Relatives of President Xi Jinping and other top leaders held stakes in the company, according to an investigative report by The New York Times in April 2015. In October that year, Wang confirmed while speaking at Harvard University that relatives of Xi had been Wanda shareholders, but he credited his success to the company’s “innovative” business model instead of government connections.
The company started facing setbacks in its global shopping spree as Beijing tightened control over outbound deals and described investments in trophy properties such as soccer clubs and cinemas as “irrational”. The government also began to regard outbound deals – which it saw as efforts to transfer assets overseas – with increasing suspicion.
Wanda failed to obtain regulatory approval in March this year for its takeover of Dick Clark Productions, the company behind the TV broadcast of the Hollywood Foreign Press Association’s annual Golden Globe Awards ceremony. Then last month, Wanda was named by the mainland banking regulator as posing a “systemic risk” to domestic lenders with its overseas deals, according to emails seen by the Post.
While Wanda is known for its elaborate ideas as it tries to win over local governments with its projects, commercial and residential property development forms the key part of its cultural and tourism initiatives at home.
The Qingdao movie complex in Shandong province includes apartment blocks with 7,000 units as well as retail spaces. The flats were popular with investors when they went on sale in 2013, with Wang promising it would become a top tourism destination by the Yellow Sea.
Wang Maoxin, a white-collar worker in the city, bought a shop in the complex for 4.5 million yuan using family savings and a bank loan. He said he stood in line for several hours to buy the shop, even though nothing existed at the time but a plastic model of the development.
He said he believed Wanda would make the project successful and that the value of the property would appreciate quickly.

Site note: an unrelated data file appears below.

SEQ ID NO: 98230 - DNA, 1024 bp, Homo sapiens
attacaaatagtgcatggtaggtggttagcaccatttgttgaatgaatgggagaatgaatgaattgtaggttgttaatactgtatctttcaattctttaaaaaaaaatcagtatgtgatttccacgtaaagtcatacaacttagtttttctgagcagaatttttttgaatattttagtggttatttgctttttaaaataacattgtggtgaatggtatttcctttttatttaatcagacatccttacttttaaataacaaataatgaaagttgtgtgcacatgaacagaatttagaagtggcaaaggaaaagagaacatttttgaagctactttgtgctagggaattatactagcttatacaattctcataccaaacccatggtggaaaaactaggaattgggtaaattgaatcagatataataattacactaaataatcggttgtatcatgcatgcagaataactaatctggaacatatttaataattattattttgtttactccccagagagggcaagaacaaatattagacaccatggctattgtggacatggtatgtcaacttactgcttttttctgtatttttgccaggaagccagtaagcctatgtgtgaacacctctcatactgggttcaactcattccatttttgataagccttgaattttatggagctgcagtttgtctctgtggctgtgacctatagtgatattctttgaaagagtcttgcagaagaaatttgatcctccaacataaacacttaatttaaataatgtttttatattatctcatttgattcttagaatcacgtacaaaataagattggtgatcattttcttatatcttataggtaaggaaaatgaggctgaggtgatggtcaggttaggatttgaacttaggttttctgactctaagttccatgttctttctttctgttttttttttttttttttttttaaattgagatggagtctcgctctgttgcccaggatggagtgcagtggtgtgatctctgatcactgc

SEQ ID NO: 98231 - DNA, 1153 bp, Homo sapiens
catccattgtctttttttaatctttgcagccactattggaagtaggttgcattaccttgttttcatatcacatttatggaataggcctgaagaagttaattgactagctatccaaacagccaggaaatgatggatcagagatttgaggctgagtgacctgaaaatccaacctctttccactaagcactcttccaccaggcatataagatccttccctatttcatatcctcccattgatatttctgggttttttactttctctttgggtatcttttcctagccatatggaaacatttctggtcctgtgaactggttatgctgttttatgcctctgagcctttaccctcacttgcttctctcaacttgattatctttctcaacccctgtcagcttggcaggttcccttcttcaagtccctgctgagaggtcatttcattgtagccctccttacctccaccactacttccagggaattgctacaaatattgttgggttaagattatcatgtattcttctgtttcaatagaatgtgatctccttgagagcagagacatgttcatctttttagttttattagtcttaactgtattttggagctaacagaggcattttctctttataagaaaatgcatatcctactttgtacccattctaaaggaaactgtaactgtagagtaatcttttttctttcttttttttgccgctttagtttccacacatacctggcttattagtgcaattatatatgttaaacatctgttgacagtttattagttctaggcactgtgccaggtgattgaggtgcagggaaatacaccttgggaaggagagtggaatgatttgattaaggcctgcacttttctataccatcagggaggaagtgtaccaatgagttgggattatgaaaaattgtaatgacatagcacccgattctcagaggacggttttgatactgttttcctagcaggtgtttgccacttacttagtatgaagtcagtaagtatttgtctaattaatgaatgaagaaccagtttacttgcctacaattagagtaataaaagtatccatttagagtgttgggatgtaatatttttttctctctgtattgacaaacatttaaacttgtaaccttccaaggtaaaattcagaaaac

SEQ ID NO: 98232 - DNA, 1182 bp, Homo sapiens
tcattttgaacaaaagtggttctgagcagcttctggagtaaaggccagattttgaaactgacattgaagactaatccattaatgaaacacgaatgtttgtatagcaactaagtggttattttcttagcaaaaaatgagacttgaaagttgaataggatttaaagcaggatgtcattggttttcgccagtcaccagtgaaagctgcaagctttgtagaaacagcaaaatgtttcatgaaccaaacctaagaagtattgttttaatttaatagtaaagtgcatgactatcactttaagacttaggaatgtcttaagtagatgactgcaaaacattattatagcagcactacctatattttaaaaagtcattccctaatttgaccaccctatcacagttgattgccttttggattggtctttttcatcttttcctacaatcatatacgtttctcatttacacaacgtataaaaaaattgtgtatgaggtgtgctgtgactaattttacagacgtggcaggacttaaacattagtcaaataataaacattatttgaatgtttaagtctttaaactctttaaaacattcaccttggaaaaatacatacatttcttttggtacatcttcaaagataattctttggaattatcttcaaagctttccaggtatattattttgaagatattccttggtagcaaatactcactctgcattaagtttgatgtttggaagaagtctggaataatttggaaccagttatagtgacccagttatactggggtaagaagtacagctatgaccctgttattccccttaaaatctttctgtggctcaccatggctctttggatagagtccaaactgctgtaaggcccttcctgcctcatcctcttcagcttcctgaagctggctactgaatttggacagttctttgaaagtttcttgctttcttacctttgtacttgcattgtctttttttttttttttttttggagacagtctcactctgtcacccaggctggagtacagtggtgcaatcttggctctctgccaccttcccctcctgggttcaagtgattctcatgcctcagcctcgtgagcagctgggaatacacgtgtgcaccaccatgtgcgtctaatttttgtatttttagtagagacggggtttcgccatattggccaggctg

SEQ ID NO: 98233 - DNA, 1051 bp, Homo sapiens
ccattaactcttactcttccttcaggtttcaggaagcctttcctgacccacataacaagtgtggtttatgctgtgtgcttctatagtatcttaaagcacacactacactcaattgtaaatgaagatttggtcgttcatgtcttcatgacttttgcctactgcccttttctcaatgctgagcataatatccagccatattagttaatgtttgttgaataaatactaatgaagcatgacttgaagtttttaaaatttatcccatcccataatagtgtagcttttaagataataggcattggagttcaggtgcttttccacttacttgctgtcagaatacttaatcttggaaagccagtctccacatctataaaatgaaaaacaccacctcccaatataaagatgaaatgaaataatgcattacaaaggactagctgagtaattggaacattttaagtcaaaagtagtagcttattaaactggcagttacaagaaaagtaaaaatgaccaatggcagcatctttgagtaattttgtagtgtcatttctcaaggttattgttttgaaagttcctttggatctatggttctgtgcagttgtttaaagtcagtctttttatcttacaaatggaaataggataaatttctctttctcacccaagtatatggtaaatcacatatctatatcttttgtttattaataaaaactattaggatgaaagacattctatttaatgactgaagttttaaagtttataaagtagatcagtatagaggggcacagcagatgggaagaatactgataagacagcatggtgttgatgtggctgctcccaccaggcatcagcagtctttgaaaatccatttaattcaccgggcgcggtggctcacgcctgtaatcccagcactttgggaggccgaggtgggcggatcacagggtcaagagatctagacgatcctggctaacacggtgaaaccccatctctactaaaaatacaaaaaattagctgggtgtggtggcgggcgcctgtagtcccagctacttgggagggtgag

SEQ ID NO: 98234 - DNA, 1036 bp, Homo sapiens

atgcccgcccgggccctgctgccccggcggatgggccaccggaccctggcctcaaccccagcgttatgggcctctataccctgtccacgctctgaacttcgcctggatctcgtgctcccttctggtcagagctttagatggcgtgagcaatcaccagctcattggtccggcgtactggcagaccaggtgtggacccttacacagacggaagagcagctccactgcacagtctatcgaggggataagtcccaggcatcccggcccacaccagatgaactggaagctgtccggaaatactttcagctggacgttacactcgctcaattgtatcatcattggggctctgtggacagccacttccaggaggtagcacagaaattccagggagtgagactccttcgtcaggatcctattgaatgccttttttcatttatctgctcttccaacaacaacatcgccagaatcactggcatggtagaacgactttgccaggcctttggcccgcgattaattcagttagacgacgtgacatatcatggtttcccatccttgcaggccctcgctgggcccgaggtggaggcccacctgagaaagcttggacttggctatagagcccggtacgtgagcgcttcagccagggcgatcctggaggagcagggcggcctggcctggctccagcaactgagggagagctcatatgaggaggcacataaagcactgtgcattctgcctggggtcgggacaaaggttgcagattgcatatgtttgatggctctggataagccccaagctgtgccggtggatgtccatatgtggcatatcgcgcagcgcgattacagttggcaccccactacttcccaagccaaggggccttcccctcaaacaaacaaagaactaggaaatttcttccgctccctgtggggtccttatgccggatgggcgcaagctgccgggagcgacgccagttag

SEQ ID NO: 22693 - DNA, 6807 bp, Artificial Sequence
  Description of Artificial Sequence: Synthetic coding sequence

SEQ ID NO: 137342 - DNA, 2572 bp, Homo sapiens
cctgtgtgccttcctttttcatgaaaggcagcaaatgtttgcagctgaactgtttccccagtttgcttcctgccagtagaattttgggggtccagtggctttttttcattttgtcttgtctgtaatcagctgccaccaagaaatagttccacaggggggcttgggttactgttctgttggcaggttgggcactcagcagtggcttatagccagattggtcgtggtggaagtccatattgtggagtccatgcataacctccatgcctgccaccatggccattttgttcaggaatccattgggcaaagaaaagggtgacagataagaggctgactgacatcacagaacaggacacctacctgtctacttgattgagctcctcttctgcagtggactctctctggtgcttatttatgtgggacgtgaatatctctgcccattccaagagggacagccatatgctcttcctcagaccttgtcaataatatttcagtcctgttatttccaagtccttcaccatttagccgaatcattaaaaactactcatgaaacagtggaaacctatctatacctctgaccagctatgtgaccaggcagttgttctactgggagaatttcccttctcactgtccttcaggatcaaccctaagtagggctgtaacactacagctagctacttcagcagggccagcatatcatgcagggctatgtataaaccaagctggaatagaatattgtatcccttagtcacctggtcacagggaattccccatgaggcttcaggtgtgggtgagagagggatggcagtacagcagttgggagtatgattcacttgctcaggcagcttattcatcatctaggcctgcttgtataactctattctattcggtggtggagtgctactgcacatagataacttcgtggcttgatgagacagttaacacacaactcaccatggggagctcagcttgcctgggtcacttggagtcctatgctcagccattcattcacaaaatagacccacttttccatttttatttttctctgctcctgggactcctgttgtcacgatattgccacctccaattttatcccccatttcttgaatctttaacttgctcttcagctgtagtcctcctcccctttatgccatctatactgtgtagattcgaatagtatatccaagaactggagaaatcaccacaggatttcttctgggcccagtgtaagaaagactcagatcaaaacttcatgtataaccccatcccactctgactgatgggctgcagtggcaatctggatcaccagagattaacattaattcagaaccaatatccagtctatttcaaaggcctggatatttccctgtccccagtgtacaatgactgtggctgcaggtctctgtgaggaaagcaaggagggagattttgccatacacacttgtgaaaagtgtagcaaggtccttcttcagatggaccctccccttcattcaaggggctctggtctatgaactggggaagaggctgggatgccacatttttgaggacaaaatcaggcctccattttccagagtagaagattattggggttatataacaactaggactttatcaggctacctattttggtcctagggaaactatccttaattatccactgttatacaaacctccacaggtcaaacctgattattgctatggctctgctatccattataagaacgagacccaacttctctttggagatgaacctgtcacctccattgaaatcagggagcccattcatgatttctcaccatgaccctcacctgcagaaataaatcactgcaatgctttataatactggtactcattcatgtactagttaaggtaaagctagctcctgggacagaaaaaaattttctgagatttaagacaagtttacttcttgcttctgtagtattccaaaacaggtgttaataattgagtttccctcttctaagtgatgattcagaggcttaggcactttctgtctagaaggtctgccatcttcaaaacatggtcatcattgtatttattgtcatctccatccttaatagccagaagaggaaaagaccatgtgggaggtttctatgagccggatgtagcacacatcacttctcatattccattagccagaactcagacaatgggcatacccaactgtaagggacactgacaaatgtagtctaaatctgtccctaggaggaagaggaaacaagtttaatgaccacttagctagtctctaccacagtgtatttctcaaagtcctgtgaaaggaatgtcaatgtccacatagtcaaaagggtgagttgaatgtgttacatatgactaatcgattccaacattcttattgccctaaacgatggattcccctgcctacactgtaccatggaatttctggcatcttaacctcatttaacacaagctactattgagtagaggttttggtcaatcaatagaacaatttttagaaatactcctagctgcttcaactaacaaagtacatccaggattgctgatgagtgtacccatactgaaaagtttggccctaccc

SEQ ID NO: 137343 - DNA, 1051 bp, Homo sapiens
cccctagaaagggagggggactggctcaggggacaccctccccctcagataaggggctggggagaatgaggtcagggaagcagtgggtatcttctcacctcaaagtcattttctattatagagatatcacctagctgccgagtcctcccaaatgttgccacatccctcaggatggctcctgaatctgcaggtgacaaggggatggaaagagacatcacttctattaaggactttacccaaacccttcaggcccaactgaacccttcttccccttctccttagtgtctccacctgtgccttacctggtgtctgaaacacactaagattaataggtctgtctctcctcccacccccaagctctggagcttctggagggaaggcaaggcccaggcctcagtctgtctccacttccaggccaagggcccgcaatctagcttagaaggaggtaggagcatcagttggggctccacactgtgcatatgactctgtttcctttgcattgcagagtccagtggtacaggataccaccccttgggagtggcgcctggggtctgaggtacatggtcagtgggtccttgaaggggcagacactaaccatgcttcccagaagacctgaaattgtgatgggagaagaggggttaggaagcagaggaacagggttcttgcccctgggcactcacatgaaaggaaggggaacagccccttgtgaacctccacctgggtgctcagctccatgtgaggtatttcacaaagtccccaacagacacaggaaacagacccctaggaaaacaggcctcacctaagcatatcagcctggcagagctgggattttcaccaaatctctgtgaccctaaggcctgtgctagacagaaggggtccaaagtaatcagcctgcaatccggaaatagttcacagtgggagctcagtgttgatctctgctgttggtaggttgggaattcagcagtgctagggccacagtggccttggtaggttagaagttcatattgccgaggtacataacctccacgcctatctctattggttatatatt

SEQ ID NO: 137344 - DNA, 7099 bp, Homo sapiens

But it proved to be a bad investment. For the past four years, the 27-year-old has had to pay annual interest of 300,000 yuan but has earned just 100,000 yuan a year renting the store out.
He was shocked to learn that Wanda was selling the project to Sunac. “They don’t care about the future of the development once the buildings sell. If the project hasn’t worked out under Wanda, what can Sunac possibly do to turn it around?” Wang said.
His frustration is shared by many other small buyers who had flocked to cash in on the property tycoon’s Hollywood dream. In a WeChat social media group, formed by about 40 small property investors in the complex, there was heated debate on the future of the project.
“Does this mean the project is doomed?” one investor asked.
Wanda declined to comment on questions regarding the Qingdao project.
During a recent visit to the site by the Post, most ground-floor retail spaces remained empty, with rental advertisements attached to the shuttered doors.
The official opening date of the entertainment complex was originally set for April this year, but that deadline came and went.
A restaurant owner told the Post that some construction workers had turned up recently, but only to buy noodles.
Wang Qingguo, a local real estate agent handling property in the complex, said many owners had been forced to sell their units at a loss to repay bank loans. “They were hoping for quick money … It’s been four years already. They just can’t afford to wait any longer,” he said.
A year before the complex is due to be fully up and running, much of the infrastructure and facilities to support the promised world-class filmmaking complex – including the luxury hotels – is missing.
Mike Sui, an American actor who speaks fluent Putonghua, was shooting a film in one of the studios that is already open. He complained that there was nowhere for him to exercise and the three-star hotel where he was staying – the only one next to the complex – did not have a gym.
“For young actors who have just begun their career, the hotel is fine. But for experienced actors, the facilities are not good enough,” he said, adding that only two or three mainland production crews were shooting there. “I guess it takes some time to build up supporting facilities.”
Photos from the grand ceremony that launched the project four years ago may still be on proud display around the complex – but none of those Hollywood stars have been back.
Additional reporting by Sidney Leng